While technology has been an intrinsic component of real estate since the inception of digitalization, the terms are less often mentioned together when discussing their potential.
Despite this, tech-related concepts appeared three times in the results of a survey performed by PricewaterhouseCoopers (PwC) and the Urban Land Institute (ULL). These data were published in a 2018 analytical report entitled “Emerging Trends in Real Estate: USA and Canada.”
Makes it apparent that tech is one of the most underappreciated and underutilized tools in the real estate arsenal.
Technology and real estate
Those surveyed for the report listed cybersecurity, automation and the sharing economy among the most important issues affecting the real estate industry in that year. They didn’t inhabit the top spaces on the list (in fact, they were ranked of “moderate importance”); however, their presence is telling.
One of the primary reasons those terms are significant is because they highlight the big-picture benefits technology can deliver. Let’s look at a few of those.
Automation didn’t begin with modern technology, but modern technology has led to the automation of many industries. The benefits of automation include increased efficiency and speed of work, reduced costs and less need for human intervention.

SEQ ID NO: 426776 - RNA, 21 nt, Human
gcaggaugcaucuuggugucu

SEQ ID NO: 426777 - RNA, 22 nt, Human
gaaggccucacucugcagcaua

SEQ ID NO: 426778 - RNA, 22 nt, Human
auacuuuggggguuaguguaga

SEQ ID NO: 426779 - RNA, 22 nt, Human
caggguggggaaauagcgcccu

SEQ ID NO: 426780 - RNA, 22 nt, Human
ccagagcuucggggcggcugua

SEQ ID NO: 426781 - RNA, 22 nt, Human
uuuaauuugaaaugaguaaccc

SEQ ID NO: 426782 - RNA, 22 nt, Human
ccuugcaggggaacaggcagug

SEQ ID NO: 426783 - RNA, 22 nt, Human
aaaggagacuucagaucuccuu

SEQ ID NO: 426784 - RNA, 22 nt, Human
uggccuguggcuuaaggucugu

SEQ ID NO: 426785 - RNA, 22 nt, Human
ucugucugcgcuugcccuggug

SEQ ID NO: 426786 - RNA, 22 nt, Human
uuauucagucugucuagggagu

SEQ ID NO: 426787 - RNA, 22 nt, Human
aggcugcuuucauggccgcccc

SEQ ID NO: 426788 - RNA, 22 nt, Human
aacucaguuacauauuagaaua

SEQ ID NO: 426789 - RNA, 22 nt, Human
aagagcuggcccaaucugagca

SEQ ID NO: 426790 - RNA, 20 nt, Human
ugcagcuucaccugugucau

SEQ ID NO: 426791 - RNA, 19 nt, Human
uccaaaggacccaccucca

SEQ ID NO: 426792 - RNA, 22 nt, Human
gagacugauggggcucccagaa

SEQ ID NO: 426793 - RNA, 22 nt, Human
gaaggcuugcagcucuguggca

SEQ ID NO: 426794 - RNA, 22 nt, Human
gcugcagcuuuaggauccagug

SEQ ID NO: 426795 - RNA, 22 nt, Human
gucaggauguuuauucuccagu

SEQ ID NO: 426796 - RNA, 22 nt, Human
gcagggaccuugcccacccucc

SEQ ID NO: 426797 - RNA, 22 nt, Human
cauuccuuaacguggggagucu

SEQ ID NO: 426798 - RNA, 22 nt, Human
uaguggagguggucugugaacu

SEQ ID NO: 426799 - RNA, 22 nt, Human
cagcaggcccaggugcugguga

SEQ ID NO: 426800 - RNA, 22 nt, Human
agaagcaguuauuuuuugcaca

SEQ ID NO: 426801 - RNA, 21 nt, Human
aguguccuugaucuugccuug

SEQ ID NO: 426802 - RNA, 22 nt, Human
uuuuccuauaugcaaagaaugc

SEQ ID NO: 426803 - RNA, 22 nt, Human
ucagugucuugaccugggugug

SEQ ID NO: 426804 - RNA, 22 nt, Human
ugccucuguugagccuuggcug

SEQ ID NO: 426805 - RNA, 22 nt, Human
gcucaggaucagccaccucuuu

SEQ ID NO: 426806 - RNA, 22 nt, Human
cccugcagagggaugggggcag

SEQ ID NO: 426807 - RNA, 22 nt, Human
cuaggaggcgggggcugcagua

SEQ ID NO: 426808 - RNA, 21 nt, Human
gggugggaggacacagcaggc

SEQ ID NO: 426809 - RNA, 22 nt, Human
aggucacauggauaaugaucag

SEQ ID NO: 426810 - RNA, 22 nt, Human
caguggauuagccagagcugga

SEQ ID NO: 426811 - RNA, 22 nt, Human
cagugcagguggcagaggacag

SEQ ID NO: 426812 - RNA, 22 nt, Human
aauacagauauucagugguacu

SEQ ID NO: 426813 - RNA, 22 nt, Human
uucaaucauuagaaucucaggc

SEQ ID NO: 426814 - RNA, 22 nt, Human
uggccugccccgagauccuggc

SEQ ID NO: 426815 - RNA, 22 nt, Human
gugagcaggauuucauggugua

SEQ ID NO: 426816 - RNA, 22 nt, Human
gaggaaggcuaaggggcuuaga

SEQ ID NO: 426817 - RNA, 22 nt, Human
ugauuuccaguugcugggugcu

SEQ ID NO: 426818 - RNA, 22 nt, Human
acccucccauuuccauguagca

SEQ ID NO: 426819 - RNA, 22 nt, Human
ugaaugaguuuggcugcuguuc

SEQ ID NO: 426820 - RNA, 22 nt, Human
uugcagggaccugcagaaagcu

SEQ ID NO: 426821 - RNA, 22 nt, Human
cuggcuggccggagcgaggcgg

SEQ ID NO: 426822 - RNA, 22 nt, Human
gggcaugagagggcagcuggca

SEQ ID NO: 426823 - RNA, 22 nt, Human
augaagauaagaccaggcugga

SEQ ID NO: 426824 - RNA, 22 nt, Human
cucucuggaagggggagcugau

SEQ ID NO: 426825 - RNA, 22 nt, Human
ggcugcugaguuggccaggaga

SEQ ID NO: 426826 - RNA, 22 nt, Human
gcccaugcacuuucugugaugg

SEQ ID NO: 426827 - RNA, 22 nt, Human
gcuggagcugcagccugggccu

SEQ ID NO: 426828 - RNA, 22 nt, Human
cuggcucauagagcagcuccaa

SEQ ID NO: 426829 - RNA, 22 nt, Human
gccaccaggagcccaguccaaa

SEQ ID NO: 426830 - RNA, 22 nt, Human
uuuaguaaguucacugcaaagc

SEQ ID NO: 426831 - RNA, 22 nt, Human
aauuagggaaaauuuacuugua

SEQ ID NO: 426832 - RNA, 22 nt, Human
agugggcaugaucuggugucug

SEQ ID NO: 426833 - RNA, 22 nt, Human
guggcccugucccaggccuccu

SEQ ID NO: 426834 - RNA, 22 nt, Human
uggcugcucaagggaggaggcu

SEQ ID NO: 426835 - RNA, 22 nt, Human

In real estate, we can see the results of automation in areas such as:
- AI innovations: reporting and insight-provision tools used by agents and investors;
- protocols: supporting governance of production and construction processes; and
- machine learning: identifying and reporting discrepancies without human intervention.
The portmanteau “cybersecurity” is self-explanatory. It’s a practice in software and hardware development that emerged as a response to the proven and prospective threats posed by malicious actors attempting to gain unauthorized access to data and controls.
Exponential increases in information-transfer speeds has, over time, reduced the communicational distance between geographically disparate groups and individuals.
A less positive result of this is that hackers and attackers are constantly on a parallel line of development, and there is a near-constant back and forth between software developers and those seeking to exploit flaws in the code.
The sharing economy could be interpreted as the digital implementation of the concept of “loose arrangements,” which has its origins long before the existence of computer technology.
Investopedia explains: “Communities of people have shared the use of assets for thousands of years, but the advent of the Internet—and its use of big data—has made it easier for asset owners and those seeking to use those assets to find each other.”
Most solutions under this label utilize peer-to-peer (P2P) networking. This provides an environment for self-employed workers to network with likeminded individuals, on both the supply and demand sides of the chain. It delivers professional empowerment, along with personal flexibility and control. Sharing economies most often revolve around service-based industries.